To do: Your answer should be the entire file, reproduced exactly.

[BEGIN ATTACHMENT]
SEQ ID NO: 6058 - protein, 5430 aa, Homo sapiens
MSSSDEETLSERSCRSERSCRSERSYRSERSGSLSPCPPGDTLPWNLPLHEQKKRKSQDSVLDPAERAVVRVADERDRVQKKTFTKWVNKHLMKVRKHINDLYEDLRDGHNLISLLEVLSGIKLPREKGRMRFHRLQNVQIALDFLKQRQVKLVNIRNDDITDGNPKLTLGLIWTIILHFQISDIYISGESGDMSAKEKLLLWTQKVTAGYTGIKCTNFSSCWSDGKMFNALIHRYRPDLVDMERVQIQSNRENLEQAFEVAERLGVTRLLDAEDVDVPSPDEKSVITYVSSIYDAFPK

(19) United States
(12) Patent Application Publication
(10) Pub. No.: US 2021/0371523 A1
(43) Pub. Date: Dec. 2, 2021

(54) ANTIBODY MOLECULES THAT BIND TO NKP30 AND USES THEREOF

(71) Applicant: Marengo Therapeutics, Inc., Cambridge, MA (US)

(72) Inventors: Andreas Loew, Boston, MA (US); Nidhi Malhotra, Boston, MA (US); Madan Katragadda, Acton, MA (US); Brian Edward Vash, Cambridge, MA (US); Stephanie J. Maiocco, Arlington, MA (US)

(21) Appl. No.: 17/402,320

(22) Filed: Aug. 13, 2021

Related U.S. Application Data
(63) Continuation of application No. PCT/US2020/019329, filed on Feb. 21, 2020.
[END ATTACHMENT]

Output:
SEQ ID NO: 6058 - protein, 5430 aa, Homo sapiens
MSSSDEETLSERSCRSERSCRSERSYRSERSGSLSPCPPGDTLPWNLPLHEQKKRKSQDSVLDPAERAVVRVADERDRVQKKTFTKWVNKHLMKVRKHINDLYEDLRDGHNLISLLEVLSGIKLPREKGRMRFHRLQNVQIALDFLKQRQVKLVNIRNDDITDGNPKLTLGLIWTIILHFQISDIYISGESGDMSAKEKLLLWTQKVTAGYTGIKCTNFSSCWSDGKMFNALIHRYRPDLVDMERVQIQSNRENLEQAFEVAERLGVTRLLDAEDVDVPSPDEKSVITYVSSIYDAFPK

(19) United States
(12) Patent Application Publication
(10) Pub. No.: US 2021/0371523 A1
(43) Pub. Date: Dec. 2, 2021

(54) ANTIBODY MOLECULES THAT BIND TO NKP30 AND USES THEREOF

(71) Applicant: Marengo Therapeutics, Inc., Cambridge, MA (US)

(72) Inventors: Andreas Loew, Boston, MA (US); Nidhi Malhotra, Boston, MA (US); Madan Katragadda, Acton, MA (US); Brian Edward Vash, Cambridge, MA (US); Stephanie J. Maiocco, Arlington, MA (US)

(21) Appl. No.: 17/402,320

(22) Filed: Aug. 13, 2021

Related U.S. Application Data
(63) Continuation of application No. PCT/US2020/019329, filed on Feb. 21, 2020.